“He restoreth my soul” (well…we are refreshed and revived; we are given peace and clarity…Amen?). It is not necessarily our physical self that is restored but it is our “spiritual” self that is restored.
Now let’s stop here for a moment. This psalm begins with rest. We need to rest, to sit at the feet of Jesus, take time to focus on our “First Love” and be restored; our spirits filled, and out of this restoration comes activity. We as Christians sometimes focus more on the activity than the restoration, but at what cost? We become “burned out”, our passion for what we are called to do waivers, and we are so busy with ministry that we become too tired to do the ministry we are called to do. And only at his point we rest, we have no choice…what blessings we miss because we are too busy to receive them. We miss out on the relationship that sustains us as we do the work and only have that closeness after we are too tired to go on. Christianity is primarily a relationship not a religion. Look at Mary and Martha…Martha missed out on an opportunity to sit at the feet of the Teacher because she was too busy running around doing everything…what a blessing she missed.
“He Leadeth in the paths of righteousness for His name’s sake” (the God shepherd will lead us on the right path for His glory sake. We must be guided by the Good Shepherd if we are to walk on a righteous path…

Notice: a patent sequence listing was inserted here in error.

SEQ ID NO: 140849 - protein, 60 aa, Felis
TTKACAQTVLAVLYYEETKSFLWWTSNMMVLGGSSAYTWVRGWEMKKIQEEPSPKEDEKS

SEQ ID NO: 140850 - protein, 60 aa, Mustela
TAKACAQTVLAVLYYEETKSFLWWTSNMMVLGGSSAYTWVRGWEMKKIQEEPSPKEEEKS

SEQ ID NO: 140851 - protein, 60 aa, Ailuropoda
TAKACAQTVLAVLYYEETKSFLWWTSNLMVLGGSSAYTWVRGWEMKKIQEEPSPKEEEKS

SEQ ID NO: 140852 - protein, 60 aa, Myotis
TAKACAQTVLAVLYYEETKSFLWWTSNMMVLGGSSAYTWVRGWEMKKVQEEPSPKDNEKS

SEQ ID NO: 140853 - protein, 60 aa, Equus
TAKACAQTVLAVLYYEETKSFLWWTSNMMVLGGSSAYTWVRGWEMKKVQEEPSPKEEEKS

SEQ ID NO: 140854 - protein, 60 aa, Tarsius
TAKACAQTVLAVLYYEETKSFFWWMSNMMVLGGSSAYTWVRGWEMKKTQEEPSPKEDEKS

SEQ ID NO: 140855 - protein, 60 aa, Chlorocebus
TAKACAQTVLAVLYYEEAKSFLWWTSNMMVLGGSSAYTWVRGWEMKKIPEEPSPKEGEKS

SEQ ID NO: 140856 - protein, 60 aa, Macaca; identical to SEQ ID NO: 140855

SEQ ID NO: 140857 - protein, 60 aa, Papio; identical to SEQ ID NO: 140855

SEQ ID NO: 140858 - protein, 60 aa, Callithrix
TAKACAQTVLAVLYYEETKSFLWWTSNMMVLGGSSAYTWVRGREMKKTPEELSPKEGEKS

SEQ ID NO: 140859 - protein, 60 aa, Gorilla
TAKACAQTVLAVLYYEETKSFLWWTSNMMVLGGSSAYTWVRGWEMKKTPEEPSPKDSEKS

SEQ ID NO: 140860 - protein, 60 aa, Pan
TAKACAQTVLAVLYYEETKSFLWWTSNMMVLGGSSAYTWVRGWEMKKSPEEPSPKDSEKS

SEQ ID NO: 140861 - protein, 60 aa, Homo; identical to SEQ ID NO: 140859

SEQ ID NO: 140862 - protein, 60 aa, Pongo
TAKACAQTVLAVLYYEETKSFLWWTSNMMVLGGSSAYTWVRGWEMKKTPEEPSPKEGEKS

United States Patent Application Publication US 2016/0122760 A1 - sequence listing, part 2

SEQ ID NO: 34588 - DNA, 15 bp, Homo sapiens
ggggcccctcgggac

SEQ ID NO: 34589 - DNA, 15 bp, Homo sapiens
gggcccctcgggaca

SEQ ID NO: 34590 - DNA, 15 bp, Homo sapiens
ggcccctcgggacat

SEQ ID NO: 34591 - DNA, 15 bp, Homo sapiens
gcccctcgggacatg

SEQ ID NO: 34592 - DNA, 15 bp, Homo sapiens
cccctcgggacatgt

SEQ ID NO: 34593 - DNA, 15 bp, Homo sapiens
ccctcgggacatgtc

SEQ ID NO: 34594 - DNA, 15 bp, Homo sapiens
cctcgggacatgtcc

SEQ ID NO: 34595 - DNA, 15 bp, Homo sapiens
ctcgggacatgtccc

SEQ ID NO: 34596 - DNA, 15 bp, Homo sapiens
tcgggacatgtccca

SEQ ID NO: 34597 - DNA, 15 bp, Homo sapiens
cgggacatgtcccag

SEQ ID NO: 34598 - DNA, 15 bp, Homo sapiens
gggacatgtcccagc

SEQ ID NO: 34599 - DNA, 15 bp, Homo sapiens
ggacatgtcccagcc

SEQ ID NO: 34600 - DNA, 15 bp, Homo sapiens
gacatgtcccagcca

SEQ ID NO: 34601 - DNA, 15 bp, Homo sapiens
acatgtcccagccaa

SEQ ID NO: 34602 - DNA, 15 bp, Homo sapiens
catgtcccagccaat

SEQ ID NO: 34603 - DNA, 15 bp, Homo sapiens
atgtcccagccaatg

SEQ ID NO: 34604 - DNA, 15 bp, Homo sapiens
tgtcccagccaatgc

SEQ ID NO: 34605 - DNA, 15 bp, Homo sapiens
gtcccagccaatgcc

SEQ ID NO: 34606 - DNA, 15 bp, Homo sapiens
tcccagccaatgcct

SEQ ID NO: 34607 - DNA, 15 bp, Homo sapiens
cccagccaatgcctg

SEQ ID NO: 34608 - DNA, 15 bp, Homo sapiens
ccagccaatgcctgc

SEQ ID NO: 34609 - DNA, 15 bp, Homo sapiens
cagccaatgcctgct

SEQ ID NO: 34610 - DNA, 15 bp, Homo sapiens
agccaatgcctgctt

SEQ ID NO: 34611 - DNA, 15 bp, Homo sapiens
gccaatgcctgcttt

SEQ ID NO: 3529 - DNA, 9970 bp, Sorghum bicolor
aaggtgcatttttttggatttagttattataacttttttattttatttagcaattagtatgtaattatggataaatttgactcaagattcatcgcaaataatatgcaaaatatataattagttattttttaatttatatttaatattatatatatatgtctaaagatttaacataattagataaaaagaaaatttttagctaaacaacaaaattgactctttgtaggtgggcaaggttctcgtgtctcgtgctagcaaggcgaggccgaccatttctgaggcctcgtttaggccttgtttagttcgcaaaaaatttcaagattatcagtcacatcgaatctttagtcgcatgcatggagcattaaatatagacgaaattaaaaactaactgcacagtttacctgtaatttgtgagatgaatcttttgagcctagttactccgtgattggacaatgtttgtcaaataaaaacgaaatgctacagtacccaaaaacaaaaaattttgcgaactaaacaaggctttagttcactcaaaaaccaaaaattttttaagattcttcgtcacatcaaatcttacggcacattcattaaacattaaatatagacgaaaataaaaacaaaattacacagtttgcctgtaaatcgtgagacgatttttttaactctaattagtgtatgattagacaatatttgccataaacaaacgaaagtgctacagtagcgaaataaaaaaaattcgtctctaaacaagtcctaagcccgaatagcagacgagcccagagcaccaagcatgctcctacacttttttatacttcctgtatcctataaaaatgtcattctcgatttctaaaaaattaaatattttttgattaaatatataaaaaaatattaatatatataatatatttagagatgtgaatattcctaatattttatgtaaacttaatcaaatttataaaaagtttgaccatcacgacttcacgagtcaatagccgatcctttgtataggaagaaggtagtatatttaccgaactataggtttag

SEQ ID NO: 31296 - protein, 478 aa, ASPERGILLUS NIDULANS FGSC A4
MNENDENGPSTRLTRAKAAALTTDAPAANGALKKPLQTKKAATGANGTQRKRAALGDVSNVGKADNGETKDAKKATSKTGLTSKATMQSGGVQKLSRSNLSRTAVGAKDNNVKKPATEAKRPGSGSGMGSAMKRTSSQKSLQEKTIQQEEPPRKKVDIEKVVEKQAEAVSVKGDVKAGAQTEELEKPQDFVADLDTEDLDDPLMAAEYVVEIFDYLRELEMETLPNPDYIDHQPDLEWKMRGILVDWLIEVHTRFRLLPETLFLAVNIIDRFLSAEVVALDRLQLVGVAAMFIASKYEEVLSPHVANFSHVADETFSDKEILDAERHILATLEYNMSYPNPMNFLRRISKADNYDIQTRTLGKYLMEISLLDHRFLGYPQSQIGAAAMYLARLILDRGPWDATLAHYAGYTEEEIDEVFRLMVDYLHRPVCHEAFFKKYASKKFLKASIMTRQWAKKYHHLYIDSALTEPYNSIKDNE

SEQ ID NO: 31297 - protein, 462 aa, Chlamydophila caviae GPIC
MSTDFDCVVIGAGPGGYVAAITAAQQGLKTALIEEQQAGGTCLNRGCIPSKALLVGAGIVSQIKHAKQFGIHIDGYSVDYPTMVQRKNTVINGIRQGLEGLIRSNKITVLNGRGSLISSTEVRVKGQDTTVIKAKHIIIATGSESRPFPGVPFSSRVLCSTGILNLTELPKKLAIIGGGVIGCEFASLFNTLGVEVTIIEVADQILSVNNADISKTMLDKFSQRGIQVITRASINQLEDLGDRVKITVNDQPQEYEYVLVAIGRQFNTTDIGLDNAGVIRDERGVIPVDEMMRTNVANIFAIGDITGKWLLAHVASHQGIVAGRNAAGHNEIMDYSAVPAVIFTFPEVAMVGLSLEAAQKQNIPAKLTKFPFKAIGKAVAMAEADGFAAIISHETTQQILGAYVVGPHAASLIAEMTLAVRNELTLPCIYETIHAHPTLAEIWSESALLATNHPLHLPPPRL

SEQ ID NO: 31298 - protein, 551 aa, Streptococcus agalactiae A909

“Yea, though I walk through the valley of the shadow of death, I will fear no evil: for thou art with me; thy rod and thy staff they comfort me.”(This is talking about His deliverance, His being with us in those desert times, In that we can take comfort.) We will walk “through” the valley…not stay there but walk through those trials and tribulations with the help of the Shepherd. We can feel His love, power and authority in the midst of this valley.
“Thou preparest a table before me in the presence of mine enemies: thou anointest my head with oil; my cup runneth over.” (This is telling us that we will have victory over our enemies, we will have victory over our situation, and we will have victory in His name! Amen!) We will still have our problems, the blessing is that we know that the Good Shepherd is in it for the long haul; even if we can’t feel Him there in the midst of the problem he will “never leave us or forsake us.” Now is that a blessing or what?
“Surely” (Now that’s a promise we can depend on!)
“goodness and mercy shall follow me all the days of my life:” (We can all use that in our lives) We will have God’s love, mercy, forgiveness, righteousness, holiness, power, strength, favor, peace… (the list goes on) all the days of our lives.
“and I will dwell in the house of the LORD forever.”(Amen! ...) This is confirmation that we…you and I…have an eternal home with God in heaven!
Church…we are on a pilgrimage with God. We have the Good Shepherd to guide us along the way. We need to rest by that still water. Life can bring us to muddy water…we work so hard that we lose focus on our divine call. When we rest in the arms of God…beside those still waters…the water becomes clear. We need to spend time in that nourishing presence of God. We need constant restoration so that we can help others be restored. We need to keep the “waters of life “clear so that we can reach out to those who live in the muddiness of society.
Close your eyes (No really…close your eyes)…breath in the goodness of the Shepherd…feel the calm, still waters…”He restoreth our souls and gives us strength for the day”…breath of God…restore us we pray!